Finally, something all Yankee fans can be happy about: Aaron Hicks is going to be in pinstripes for seven more years. We will have more in-depth analysis of the deal coming soon. For now, here are five initial thoughts about Hicks’ extension:
1. Aaron Hicks is one of the best outfielders in the game today. Think that’s hyperbole? Last year, Hicks had the sixth-highest WAR total (4.9) among all MLB outfielders. Over the past two years, Hicks sports a higher WAR per 600 plate appearances than Bryce Harper. Hicks is a force both at the plate, on the bases, and with the glove, and the Yankees now have him for $10 million per year over the next seven years. Yes, it’s a long deal, but that doesn’t change the fact that it’s extremely team-friendly.
2. More on that last point: Sure, Hicks is 29 now and will be signed through his age-36 season. As such, some may be worried about the back end of the deal. It’s probably best not to dwell on that. Even if we assume that Hicks has reached his peak and will decline by 0.5 WAR for every season until 2025, he will still end up with 1.4 WAR, or perhaps just under 1 WAR in a part-time role, in his final year. That’s perfectly cromulent for a slightly expensive fourth outfielder, which is what Hicks is being paid like. At any rate, the surplus value that he will generate in the first few years of his deal will be immense.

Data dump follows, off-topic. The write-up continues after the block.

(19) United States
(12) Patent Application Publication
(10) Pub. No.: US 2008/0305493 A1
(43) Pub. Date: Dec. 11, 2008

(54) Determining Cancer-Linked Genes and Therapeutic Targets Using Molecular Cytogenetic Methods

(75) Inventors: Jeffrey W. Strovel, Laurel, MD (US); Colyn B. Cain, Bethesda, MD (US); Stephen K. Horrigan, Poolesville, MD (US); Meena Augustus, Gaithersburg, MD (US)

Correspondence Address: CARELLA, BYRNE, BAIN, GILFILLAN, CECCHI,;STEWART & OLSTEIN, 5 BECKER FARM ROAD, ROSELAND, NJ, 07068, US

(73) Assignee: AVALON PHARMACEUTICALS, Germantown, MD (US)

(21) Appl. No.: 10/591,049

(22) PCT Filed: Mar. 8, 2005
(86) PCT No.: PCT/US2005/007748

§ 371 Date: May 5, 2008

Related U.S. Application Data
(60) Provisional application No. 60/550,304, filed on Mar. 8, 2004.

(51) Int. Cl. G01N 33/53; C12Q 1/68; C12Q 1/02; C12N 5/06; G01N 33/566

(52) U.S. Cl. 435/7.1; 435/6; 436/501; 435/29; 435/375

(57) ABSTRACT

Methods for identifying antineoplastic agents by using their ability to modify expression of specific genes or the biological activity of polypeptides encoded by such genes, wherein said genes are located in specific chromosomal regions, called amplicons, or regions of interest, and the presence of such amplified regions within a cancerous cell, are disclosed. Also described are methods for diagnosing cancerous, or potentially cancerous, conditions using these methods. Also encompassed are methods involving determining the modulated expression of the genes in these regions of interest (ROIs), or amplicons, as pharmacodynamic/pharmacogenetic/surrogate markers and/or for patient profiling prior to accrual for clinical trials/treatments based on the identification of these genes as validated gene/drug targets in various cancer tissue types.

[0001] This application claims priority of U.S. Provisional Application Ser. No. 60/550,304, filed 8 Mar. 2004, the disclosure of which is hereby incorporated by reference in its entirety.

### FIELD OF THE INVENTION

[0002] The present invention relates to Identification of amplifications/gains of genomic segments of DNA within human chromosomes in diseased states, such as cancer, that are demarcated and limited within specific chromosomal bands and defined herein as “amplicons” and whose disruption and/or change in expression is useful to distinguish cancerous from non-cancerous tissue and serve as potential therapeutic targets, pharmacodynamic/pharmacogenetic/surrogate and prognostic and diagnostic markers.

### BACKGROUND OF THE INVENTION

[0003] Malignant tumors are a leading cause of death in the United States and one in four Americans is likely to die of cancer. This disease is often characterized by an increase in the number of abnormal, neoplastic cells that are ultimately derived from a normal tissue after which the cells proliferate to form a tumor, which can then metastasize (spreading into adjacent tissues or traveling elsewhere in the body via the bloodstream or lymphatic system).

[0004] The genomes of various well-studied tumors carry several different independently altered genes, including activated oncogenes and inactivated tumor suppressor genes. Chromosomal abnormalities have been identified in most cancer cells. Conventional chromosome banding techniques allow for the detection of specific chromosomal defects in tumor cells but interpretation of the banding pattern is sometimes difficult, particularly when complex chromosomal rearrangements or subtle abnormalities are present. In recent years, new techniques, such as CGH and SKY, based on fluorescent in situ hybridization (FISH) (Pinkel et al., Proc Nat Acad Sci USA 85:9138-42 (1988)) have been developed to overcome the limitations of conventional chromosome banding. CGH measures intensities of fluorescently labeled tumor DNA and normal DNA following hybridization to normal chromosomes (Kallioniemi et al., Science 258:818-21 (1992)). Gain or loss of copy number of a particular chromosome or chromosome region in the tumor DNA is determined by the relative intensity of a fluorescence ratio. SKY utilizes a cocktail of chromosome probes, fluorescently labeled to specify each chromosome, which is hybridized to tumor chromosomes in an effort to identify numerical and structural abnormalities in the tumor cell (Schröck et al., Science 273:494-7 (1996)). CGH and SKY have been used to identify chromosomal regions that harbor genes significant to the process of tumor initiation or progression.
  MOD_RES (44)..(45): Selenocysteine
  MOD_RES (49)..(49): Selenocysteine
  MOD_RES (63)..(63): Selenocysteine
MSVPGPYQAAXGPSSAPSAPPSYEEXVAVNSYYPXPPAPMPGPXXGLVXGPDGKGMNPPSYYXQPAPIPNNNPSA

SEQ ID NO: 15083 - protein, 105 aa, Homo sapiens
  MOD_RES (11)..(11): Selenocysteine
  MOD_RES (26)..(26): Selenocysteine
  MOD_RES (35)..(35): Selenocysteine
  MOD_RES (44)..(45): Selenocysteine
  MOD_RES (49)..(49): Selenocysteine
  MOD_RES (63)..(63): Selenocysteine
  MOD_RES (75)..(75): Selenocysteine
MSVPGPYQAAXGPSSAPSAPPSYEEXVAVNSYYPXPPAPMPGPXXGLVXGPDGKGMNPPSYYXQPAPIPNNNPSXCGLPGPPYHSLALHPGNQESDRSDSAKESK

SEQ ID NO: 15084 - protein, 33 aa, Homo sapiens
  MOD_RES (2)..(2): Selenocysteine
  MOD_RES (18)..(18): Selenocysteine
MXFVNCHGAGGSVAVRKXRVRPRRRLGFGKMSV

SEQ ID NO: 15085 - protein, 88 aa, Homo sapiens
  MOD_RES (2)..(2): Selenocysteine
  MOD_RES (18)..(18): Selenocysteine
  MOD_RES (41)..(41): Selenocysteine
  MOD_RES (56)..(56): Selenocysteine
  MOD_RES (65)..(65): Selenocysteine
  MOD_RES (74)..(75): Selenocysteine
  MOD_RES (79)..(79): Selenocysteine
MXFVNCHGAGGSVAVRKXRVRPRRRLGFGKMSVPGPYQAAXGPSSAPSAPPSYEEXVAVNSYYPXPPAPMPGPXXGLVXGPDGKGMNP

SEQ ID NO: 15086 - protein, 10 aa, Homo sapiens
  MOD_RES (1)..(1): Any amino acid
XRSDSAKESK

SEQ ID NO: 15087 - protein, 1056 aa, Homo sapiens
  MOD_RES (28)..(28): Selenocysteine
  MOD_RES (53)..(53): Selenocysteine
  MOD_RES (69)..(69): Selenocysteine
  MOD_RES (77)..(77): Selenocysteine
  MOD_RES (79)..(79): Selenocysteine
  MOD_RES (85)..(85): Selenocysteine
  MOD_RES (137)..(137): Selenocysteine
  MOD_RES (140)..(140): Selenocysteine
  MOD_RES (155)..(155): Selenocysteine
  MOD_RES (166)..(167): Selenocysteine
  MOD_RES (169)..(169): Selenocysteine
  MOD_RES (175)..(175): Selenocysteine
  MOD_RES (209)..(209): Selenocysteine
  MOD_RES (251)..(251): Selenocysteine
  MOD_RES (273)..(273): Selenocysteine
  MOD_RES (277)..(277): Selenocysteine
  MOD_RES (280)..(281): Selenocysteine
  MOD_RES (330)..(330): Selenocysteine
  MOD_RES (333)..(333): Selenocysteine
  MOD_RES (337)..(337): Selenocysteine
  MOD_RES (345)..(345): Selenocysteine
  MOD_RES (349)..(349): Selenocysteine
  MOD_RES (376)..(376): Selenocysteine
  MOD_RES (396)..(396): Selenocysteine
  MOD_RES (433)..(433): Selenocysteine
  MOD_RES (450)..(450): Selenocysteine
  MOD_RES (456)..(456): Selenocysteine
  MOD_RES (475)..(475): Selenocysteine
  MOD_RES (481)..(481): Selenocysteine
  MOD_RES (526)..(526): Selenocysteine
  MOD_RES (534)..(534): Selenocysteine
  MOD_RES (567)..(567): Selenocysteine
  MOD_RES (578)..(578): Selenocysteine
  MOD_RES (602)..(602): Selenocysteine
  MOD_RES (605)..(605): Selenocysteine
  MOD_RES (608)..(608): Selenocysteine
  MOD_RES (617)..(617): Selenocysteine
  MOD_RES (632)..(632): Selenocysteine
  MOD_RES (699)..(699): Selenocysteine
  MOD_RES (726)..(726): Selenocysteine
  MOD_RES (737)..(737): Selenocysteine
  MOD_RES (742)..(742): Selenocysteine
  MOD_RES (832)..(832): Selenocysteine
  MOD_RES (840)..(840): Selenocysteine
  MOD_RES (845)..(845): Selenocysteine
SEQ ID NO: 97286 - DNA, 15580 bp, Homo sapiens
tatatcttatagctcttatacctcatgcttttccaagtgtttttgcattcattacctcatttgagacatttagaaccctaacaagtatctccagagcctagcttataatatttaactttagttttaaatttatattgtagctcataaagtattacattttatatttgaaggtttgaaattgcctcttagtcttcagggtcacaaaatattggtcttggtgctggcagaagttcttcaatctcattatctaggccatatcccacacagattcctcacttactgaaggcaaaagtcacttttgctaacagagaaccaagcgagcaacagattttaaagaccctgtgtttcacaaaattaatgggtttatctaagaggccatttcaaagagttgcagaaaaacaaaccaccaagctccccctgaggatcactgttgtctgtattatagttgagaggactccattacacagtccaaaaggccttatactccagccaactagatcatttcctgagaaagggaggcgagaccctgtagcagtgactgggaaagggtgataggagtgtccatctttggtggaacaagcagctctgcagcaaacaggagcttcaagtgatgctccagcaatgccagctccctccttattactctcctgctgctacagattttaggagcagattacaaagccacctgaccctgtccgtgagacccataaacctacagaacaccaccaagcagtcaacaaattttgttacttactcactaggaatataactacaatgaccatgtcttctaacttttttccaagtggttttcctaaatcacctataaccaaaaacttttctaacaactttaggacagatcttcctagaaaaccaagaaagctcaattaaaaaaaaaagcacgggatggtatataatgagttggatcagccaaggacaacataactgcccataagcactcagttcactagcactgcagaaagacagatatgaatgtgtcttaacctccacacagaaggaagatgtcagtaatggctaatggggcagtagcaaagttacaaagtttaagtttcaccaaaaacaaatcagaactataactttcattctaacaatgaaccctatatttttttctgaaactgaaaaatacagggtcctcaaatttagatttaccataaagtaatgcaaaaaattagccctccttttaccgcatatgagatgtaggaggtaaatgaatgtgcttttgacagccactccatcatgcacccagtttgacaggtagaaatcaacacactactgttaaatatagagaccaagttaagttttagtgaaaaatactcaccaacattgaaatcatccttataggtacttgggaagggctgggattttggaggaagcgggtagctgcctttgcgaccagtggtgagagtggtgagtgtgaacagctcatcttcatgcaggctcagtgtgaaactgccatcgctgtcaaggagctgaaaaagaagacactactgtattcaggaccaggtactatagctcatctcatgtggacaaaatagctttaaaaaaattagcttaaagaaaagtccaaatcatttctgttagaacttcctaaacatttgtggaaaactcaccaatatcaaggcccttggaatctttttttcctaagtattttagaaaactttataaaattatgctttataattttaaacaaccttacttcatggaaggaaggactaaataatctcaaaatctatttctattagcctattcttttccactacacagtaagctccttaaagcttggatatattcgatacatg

3. Since his 2017 breakout, Hicks has been one of my favorite players on the Yankees. Despite being a borderline star for the past two seasons, it seems that Hicks still occasionally gets a bad rap from old-school fans who detest his low-average, fly-ball heavy approach to hitting. It makes me glad to see the Yankees recognize his value to the team in giving him a seven-year extension. Kudos to Brian Cashman and the Yankees’ scouting/player development staff, too. They saw Hicks’ potential before anyone else did and stuck with him even after his horrid 2016.
4. While I’m happy that the Yankees were able to sign a very good player to a team-friendly deal, I do wonder what this means for the wider MLB labor market. I doubt that Hicks would’ve secured seven years on the free-agent market had he tested the waters next year. However, he certainly would have earned a higher AAV and total contract value. Remember that Curtis Granderson, a similarly skilled player coming off of a mediocre walk year in 2013, got a four-year contract worth $60 million a few years back. I think Hicks could have copped a deal around five years and $85 million dollars assuming a similar market environment. Labor relations have apparently changed, though, and late bloomers like Hicks who reach free agency while entering or after their thirties have been especially hurt by teams’ conservative spending.
5. Even while I know that Hick’s seven-year, $70 million deal is a boon for the Yankees, I can’t shake the feeling that he isn’t being fairly compensated here. This isn’t a Yankee-specific criticism or Hal’s yacht meme; it’s a sincere expression of concern from a baseball fan who recognizes that the players are what drives the creation of wealth that MLB enjoys today. If even a player of Hick’s caliber is compelled to settle for $10 million a year, how daunting is the current free-agent market for the rest of the field?